Looking back at 25 years in business with COVID-coloured glasses
Four months ago
by Melissa Webber, Founder and Managing Director
In previous blog posts, I’ve written about how the ‘WHY?’ is now so often missing in design, causing quality and sustainability to be sacrificed. As I commemorate 25 years this year since I founded Holy Cow!, I thought that reflecting on WHY I first established the business would be a good place to start.
In 1995, I bought my first Apple Mac*, a printer and a fax machine to set up Holy Cow! in the sunroom of my flat in Kirribilli.
“Holy Cow!” seemed like the perfect name for my burgeoning business as it not only referenced an exclamation of surprise and delight, but also alluded to my love of cows and my long-time nickname, Moo.
Through that magic combination of preparation and opportunity (ie. luck), I was fortunate enough to have a great foundation client – Macarthur Square Shopping Centre in Campbelltown, south west Sydney. Managed by Lendlease, I soon started working for their head office and several of their other retail centres. (I’m also proud to say that we have worked with retail shopping centres every single day for the last 25 years and continue to do so.)
Within six months, I had my first employee – my first-ever cowgirl, Michelle – and we soon took over the master bedroom of my flat. Within 12 months, I had my first office in North Sydney and soon after, my second hire, my brother Luke.
Emma Gray, our fabulous Creative Director joined me, we grew some more and we then became early pioneers of the Surry Hills creative community, renovating a dilapidated warehouse space on Commonwealth Street in 2001.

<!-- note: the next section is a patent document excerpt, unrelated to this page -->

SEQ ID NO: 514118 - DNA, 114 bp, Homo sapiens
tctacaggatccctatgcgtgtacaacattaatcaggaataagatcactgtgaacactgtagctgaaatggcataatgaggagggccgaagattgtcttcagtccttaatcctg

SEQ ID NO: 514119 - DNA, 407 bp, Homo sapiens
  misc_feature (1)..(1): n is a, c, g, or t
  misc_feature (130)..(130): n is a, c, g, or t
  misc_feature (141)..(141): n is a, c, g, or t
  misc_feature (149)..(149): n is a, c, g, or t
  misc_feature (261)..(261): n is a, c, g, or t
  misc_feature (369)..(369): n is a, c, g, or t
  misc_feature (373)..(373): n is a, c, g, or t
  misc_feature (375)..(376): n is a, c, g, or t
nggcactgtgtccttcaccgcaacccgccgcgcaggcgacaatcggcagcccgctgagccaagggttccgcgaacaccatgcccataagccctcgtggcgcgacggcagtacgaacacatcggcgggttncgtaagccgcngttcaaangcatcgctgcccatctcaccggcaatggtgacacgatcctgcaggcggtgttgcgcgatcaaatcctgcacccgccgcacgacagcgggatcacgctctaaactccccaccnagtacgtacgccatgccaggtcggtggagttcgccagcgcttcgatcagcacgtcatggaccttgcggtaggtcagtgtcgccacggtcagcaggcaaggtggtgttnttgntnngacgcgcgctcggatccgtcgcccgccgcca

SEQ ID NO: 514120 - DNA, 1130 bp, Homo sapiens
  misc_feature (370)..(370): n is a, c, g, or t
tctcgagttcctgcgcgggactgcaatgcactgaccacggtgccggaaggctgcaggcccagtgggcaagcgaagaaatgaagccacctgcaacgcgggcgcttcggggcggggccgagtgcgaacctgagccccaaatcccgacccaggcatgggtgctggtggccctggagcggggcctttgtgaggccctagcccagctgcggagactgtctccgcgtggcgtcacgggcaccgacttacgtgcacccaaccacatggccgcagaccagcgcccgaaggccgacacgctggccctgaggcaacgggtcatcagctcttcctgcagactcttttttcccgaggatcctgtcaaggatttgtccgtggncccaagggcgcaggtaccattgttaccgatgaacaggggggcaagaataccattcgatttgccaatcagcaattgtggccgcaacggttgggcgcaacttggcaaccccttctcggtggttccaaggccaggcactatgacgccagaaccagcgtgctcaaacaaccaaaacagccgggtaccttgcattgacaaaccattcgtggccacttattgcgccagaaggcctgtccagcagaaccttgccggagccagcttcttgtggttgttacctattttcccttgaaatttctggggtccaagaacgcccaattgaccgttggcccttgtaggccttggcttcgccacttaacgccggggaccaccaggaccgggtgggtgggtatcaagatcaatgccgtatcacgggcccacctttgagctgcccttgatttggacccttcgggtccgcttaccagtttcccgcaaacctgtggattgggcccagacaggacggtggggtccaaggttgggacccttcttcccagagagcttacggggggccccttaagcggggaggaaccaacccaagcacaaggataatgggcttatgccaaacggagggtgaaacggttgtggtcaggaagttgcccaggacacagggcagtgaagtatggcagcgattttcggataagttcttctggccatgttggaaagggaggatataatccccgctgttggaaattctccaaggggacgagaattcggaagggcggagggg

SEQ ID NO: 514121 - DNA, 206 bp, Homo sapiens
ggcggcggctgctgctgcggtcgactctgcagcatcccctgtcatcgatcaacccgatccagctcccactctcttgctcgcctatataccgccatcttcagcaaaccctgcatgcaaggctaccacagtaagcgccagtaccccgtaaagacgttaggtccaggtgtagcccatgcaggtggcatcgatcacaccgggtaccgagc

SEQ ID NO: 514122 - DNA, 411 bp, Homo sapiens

I have been asked many times over the years why I started my own business.
This is the reason I always give:
I founded Holy Cow! in 1995 in response to a growing need for boutique agencies that cared about design and cared about their clients.
In the early nineties, the agency landscape in Sydney was dominated by large international advertising agencies, mostly headed up by British male ex-pats. Graphic design was usually a small department within these agencies, and not of huge importance. There were a few well known graphic design legends (again, predominantly male) and only a few independent companies that specialised purely in graphic design.
After the recession of the early nineties, many companies at that time had grown increasingly discouraged with the perceived lack of service and the high prices of large, international advertising agencies so they began to seek out alternatives – smaller, independent agencies.
These smaller agencies were often overlooked as companies traditionally preferred the full-service agency model – creative, advertising and media all under one roof. The rise in these small creative shops gave the internationals a run for their money as companies began to realise that they didn’t need to pay big multi-national prices to get world-class creative services.
These companies were then happy to source a range of creative services from a complementary team of small players. (We are now seeing an online version of this trend again, fuelling the gig economy.)
Holy Cow! quickly differentiated ourselves by offering quality creative services teamed with attentive client service, while building mutually rewarding relationships – this is still our core philosophy.
We fast became an extension of our clients' marketing teams and forged long-standing partnerships and friendships, many of which are still going strong today.
But there is another reason too.
I always wanted to run my own business. As a child, I started wheeling and dealing as soon as I could – feeding pets, watering gardens, ironing, babysitting and baking (which was just called ‘cooking’ back then!). I loved the idea of running a business, creating something from nothing and doing something useful to help other people.